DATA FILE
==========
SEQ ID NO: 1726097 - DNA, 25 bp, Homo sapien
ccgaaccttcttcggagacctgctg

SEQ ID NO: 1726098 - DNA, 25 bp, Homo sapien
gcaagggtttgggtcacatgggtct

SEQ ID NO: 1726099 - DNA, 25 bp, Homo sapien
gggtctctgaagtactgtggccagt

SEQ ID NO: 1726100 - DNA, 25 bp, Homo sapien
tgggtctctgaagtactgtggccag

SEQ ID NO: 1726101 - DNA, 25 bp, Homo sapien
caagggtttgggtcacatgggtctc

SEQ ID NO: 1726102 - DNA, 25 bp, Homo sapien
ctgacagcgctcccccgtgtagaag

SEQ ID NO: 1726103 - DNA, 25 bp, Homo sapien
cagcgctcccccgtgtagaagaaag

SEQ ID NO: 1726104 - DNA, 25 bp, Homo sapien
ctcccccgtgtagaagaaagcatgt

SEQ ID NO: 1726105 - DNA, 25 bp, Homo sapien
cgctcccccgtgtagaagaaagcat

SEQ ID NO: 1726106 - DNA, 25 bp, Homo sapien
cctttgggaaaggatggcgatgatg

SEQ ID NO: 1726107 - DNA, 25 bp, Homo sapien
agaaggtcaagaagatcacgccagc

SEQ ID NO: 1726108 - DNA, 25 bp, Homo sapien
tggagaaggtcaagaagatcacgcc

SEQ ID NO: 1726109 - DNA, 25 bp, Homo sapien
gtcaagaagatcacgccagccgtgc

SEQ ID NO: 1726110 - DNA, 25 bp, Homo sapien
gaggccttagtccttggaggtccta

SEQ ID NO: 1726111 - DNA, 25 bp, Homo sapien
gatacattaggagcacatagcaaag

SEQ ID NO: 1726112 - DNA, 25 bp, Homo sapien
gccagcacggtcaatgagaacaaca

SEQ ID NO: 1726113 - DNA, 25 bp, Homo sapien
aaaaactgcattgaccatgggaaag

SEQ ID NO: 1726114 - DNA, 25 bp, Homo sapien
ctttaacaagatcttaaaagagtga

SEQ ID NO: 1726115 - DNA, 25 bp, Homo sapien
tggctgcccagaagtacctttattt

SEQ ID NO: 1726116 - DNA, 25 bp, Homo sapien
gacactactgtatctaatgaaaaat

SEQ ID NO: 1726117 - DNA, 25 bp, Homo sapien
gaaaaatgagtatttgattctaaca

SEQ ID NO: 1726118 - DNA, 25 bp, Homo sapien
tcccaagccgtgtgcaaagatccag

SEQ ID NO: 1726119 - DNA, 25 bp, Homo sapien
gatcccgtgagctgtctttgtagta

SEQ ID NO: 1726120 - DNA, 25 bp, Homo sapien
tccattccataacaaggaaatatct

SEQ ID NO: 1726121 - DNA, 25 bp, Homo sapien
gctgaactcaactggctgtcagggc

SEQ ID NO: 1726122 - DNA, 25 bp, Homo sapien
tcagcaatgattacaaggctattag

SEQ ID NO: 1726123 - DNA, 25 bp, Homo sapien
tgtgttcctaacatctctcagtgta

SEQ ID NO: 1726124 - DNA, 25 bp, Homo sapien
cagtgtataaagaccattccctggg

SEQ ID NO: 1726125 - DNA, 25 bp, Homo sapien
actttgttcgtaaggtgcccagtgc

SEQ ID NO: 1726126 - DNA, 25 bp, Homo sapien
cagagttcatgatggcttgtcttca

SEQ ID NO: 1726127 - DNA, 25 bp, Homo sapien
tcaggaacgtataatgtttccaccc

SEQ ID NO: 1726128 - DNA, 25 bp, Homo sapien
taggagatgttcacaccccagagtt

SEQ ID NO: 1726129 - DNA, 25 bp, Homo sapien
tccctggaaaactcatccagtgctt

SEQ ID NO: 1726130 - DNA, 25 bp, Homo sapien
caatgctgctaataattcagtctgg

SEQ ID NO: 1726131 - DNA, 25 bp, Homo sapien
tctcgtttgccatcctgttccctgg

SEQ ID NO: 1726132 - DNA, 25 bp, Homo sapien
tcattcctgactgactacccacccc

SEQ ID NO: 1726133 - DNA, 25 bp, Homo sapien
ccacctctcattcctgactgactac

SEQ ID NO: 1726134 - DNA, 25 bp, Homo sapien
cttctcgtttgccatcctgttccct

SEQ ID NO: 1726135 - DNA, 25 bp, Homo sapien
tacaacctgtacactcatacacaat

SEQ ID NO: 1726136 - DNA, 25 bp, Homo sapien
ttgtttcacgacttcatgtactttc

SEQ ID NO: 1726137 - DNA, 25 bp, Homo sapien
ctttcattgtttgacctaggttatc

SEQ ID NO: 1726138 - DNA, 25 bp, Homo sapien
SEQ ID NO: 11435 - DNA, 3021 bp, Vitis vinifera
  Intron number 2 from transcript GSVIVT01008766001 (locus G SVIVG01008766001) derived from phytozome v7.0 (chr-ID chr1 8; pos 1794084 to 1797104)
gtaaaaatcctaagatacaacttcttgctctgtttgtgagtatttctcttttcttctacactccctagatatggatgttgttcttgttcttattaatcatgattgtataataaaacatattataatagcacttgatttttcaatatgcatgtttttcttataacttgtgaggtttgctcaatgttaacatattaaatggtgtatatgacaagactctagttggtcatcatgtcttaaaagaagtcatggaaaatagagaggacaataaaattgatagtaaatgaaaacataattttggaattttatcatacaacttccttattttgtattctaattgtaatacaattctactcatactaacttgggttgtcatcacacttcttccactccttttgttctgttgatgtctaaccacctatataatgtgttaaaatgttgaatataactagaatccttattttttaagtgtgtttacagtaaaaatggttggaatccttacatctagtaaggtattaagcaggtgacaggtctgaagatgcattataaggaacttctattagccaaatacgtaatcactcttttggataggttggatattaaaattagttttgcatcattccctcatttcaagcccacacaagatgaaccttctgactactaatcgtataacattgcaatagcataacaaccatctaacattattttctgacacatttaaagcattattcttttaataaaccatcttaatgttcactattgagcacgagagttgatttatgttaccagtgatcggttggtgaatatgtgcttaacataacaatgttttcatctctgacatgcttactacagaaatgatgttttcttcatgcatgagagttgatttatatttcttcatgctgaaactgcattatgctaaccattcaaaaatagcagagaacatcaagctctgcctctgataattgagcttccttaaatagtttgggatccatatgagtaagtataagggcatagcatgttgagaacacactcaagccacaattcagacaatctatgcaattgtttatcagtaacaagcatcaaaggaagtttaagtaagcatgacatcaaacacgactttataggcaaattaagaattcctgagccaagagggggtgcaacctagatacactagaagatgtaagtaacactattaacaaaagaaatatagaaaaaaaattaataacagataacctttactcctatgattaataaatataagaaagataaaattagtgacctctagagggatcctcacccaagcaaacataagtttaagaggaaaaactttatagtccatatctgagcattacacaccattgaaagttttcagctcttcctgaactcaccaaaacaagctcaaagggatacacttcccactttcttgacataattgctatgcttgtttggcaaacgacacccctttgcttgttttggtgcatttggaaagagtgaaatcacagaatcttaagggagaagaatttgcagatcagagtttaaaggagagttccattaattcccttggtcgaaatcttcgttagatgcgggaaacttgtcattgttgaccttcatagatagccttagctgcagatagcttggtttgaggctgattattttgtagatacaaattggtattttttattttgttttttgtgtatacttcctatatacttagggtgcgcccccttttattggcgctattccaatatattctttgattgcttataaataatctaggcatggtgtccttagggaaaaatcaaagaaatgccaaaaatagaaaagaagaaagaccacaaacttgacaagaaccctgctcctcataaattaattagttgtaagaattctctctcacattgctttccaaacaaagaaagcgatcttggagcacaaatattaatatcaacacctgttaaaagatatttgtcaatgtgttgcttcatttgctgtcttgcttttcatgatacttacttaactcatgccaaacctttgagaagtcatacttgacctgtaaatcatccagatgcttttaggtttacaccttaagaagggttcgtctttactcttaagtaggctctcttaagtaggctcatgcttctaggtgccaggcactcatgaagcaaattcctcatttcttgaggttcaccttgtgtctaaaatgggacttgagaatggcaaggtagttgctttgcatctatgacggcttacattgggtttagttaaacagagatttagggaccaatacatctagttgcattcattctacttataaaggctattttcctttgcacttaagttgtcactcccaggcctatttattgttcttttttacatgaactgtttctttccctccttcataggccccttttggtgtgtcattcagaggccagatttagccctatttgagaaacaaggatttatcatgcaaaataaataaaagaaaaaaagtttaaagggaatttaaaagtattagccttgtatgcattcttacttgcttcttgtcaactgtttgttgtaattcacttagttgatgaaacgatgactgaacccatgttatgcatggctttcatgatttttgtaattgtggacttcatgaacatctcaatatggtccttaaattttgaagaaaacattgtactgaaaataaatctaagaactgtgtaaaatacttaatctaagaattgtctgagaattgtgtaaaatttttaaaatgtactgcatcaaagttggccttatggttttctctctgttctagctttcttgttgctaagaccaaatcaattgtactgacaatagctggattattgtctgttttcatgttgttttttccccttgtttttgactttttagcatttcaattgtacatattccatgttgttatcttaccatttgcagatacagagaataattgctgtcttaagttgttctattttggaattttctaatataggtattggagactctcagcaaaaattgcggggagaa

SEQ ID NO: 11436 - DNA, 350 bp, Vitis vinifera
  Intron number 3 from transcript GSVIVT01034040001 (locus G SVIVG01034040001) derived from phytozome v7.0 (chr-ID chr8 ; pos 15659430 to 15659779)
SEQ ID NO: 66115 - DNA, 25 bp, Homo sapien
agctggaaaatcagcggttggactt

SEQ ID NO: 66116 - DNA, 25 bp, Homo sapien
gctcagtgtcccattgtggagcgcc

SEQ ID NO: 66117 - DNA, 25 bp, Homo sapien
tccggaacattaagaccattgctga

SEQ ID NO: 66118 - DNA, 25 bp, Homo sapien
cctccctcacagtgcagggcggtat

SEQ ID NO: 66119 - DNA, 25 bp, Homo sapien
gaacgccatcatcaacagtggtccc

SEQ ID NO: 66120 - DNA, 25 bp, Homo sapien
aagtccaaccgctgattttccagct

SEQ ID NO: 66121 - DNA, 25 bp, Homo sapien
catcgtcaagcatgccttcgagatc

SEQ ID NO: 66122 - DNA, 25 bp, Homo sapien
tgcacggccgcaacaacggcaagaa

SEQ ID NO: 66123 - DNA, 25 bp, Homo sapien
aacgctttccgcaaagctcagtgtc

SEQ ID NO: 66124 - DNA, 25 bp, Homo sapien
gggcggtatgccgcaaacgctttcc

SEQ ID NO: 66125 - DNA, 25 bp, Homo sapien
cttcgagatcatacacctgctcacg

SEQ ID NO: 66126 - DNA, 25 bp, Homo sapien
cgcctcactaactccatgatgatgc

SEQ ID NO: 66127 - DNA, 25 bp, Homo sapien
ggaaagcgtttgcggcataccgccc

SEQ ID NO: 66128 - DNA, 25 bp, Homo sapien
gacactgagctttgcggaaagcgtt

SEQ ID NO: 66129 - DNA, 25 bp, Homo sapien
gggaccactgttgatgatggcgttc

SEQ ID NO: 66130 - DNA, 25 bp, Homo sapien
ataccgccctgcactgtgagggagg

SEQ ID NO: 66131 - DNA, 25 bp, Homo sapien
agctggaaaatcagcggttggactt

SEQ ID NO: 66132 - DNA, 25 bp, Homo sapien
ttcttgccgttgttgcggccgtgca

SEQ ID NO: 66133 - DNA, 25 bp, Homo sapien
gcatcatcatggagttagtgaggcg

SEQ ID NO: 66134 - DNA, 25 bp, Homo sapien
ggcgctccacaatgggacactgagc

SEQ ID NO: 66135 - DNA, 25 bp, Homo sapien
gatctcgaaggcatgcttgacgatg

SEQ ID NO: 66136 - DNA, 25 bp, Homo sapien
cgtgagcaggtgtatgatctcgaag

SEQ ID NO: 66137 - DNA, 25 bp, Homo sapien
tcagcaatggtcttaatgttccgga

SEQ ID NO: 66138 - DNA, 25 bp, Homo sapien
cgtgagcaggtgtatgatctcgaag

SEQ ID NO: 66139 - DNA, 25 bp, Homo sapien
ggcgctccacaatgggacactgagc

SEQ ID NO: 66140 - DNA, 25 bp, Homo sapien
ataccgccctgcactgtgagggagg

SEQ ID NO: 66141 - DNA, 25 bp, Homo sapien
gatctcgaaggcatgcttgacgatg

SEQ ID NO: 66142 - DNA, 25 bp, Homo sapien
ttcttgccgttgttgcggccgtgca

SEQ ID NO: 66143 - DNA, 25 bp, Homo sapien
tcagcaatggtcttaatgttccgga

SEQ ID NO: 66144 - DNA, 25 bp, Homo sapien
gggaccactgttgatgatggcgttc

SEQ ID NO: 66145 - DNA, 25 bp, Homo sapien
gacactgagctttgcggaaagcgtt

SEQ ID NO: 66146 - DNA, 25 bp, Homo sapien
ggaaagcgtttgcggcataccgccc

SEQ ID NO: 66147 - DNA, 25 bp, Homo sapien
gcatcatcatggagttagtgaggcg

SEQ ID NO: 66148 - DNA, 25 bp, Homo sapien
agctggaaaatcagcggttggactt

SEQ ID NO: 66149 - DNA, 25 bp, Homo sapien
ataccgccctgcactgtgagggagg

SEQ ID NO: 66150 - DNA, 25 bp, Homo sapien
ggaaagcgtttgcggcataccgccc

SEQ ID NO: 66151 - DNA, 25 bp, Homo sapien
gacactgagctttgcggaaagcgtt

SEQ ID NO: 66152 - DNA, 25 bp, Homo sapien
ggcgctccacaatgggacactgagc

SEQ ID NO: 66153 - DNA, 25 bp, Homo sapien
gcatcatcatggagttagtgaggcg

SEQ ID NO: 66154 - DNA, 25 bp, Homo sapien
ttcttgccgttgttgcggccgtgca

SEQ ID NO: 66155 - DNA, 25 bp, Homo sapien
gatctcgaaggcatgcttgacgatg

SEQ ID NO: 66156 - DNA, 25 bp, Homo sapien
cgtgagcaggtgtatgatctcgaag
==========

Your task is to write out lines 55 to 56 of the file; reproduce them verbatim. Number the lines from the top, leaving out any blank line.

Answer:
SEQ ID NO: 1726124 - DNA, 25 bp, Homo sapien
cagtgtataaagaccattccctggg